For a long time I’ve been vaguely aware that manufacturing toilet paper kills a lot of trees and uses a lot of water, but actually looking at the statistics, it’s worse than I thought (i.e. I got it wrong). Apparently, manufacture of toilet paper is one of the biggest drivers of deforestation in the United States, and not only does it require a lot of water, but the water is much more polluted after it has been used to process toilet paper than before. You can do research on the environmental impact of toilet paper yourself, but the TL;DR is: people who use toilet paper are evil cartoon villains who wreck ecosystems, harm future generations, and can make an awesome cackling sound.

Of course, the ~right way~ to show one’s concern about the environmental impact of toilet paper is to switch to recycled toilet paper so no trees die, at least according to a lot of websites such as “Green Living Tips”. Oh, but recycled toilet paper tends to contain even more toxic chemicals than toilet paper made from virgin fiber. Should one subject oneself to more toxic chemicals to save some trees, or should one let the trees die to protect oneself from toxic chemicals? Apparently, one could solve this dilemma by using toilet paper made from sugarcane or bamboo instead of from trees, or checking that the recycled toilet paper was processed without chlorine, or something.

I suppose a good consumer would do their due diligence, research all of this stuff (because, you know, good consumers have unlimited time and energy for all this because they don’t have jobs, social relationships, or fun hobbies), and make sure they were making the most ethical and healthiest choice when buying toilet paper, no matter how inconvenient or expensive. But I’m a bad consumer, which means instead of trying to find a boutique store which sells expensive fair-trade-organic-locally-manufactured-sugarcane toilet paper, I decided to just stop using toilet paper. Like I said, I’m doing this wrong.

But to be honest, I did not stop using toilet paper purely out of concern for the environment. I have a confession to make: I don’t like toilet paper. Wrong, I know.

Even when I’m being careful, I often got bits of feces directly on my hands when I use toilet paper, and little bits of toilet paper often got lodged in my butt, which fester there until I take a shower and can wash them out. Speaking of which, toilet paper never fully cleaned my butt of feces, which is why, along with those bits of festering toilet paper, I often washed out more bits of feces when I took showers. In Taiwan, I had a bathroom setup which make it easy for me to rinse out my butt after I used the toilet, but in my home in San Francisco, I can’t do that without actually taking a shower, so until I stopped using toilet paper, between I defecated and when I took a shower, there was still quite a bit of residue of feces riding on my skin. It turns out that it’s not just me – this newspaper article also says that toilet paper is a bad way to clean up feces. I know, it’s wrong to admit all this publicly.

The right way to stop using toilet paper is to use a bidet instead. 93.482% of all articles on the internet about switching away from toilet paper tell you to use a bidet, because that’s what civilized people in Japan/France/India/Italy/Greece use, and if you don’t switch to a bidet you are a barbaric American/Brit/Australian and all of the civilized people from those civilized countries will think you are gross and make fun of you. Though they will say that Canadians are okay even if they don’t use bidets, because Canada. And they say/think nothing about Kiwis because they don’t know that New Zealand exists.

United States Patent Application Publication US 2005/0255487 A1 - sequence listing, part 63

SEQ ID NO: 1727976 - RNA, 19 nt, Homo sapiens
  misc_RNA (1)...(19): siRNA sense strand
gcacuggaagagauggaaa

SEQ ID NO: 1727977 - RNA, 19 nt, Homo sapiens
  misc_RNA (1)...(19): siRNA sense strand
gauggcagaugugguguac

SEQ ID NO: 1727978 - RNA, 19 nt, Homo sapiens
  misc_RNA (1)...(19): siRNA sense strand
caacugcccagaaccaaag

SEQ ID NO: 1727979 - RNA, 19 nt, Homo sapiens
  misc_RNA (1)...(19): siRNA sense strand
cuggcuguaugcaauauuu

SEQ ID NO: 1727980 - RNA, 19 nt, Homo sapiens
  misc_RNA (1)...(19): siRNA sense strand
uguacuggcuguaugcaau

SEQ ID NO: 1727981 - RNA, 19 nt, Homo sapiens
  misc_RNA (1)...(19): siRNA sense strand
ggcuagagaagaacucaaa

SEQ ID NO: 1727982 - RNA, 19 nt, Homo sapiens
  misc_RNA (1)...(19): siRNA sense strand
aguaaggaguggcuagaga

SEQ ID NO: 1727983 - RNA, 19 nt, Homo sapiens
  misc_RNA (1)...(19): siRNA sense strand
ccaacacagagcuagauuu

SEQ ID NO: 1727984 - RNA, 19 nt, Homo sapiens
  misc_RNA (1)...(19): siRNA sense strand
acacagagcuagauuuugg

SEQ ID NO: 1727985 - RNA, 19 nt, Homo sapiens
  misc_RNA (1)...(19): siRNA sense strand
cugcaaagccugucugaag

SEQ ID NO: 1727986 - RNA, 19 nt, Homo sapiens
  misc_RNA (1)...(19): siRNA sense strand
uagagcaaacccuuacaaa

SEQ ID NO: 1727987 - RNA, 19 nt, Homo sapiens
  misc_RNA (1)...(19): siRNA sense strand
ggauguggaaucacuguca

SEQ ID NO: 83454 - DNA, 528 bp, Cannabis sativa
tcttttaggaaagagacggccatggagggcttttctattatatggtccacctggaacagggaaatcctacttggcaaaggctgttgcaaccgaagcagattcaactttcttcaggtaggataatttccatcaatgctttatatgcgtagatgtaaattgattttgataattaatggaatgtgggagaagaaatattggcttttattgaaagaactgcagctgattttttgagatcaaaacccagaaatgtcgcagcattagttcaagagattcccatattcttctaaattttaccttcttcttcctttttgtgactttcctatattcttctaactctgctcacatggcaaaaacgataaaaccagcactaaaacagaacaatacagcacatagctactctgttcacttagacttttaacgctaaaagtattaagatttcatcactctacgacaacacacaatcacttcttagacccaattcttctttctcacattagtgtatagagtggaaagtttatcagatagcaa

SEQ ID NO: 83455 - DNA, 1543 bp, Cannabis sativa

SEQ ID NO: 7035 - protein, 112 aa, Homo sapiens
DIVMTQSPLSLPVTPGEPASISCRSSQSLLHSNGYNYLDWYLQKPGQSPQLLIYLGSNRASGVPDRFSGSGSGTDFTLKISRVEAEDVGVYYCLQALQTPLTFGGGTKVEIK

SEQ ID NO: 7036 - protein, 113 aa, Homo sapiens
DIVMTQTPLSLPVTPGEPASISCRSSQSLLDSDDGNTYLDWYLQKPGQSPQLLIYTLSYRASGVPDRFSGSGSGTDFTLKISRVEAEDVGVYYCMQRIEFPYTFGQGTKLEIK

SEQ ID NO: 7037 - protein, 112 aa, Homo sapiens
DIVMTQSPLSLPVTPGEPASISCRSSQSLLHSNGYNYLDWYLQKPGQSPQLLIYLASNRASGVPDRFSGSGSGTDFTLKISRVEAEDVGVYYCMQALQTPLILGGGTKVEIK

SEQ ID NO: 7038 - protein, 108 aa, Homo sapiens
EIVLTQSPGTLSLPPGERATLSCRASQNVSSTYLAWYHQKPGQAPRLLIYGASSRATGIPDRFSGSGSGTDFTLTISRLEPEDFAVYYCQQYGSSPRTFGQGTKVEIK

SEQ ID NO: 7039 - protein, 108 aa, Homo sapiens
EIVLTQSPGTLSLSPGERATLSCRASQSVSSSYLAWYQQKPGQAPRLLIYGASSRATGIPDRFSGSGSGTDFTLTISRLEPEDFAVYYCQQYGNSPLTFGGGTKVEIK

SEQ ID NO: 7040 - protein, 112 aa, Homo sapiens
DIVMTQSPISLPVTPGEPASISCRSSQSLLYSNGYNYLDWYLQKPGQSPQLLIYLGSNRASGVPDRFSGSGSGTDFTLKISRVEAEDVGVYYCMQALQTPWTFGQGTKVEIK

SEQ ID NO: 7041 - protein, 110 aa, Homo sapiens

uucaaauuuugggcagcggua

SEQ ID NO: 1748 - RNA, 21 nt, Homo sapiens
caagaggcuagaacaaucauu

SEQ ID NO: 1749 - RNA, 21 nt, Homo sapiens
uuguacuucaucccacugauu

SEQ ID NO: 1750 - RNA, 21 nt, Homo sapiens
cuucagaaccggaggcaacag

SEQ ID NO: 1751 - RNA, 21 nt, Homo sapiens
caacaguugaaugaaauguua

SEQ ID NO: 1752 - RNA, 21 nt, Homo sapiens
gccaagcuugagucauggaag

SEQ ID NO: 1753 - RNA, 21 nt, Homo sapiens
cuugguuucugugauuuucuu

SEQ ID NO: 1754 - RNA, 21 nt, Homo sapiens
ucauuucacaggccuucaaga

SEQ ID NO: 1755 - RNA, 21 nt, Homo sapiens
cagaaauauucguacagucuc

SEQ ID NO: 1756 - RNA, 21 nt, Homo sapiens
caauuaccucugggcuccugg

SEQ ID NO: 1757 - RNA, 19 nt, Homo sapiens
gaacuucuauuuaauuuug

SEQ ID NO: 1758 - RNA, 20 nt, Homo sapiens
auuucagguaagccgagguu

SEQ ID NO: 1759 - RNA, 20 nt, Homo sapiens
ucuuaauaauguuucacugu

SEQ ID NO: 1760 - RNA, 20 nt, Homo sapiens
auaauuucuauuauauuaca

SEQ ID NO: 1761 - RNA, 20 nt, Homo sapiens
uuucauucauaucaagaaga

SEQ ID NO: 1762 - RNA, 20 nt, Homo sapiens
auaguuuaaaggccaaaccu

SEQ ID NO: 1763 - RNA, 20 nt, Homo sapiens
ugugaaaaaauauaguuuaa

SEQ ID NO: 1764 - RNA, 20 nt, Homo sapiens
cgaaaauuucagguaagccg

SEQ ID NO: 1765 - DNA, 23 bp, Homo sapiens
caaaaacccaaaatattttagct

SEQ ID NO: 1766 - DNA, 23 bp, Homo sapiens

Second confession: I have used bidets, and I don’t like them either. I think this blog post already has too much information, so I will just express my opinion that I feel that the results using a bidet (probably because I am using the bidet wrong) are unsatisfactory (I found the bathroom setup I had in my apartment in Taiwan – which was not a bidet – to be much more satisfactory). Obviously, I am a barbaric American who has earned the mockery of civilized people.

That said, my family (until recently) were not just in an American level of barbarism – we were in a Taiwanese level of barbarism – we put used toilet paper in the bin, not the bowl (though our used toilet paper eventually made its way to compost, not landfill) . We put toilet paper in the bin for a similar reason the Taiwanese do it – plumbing issues. Yep, we were doing it wrong by adapting to the limitations of our plumbing system rather than spend lots of money and enduring lots of stress trying to change the plumbing.

(I have read various tracts by non-Taiwanese about how the Taiwanese habit of putting toilet paper in the bin is so ‘unsanitary’ and is ‘bad manners’ but instead of presenting scientific evidence of how Taiwanese practices help spread disease or cause more environmental damage than putting toilet paper in toilet bowls, their argument seems to be that it goes against their own non-Taiwanese cultural norms, and thus the Taiwanese are wrong.)

I have stopped using toilet paper the wrong way: I’m now using pieces of fabric to wipe myself after I use the toilet. Specifically, I am re-using the same pieces of fabric over and over again. That THAT, you snotty bidet-using elitists (and I bet you don’t clean all of that snot in your noses with your precious bidets). Pieces of fabric which are used and re-used to clean butts are called ‘family cloth’.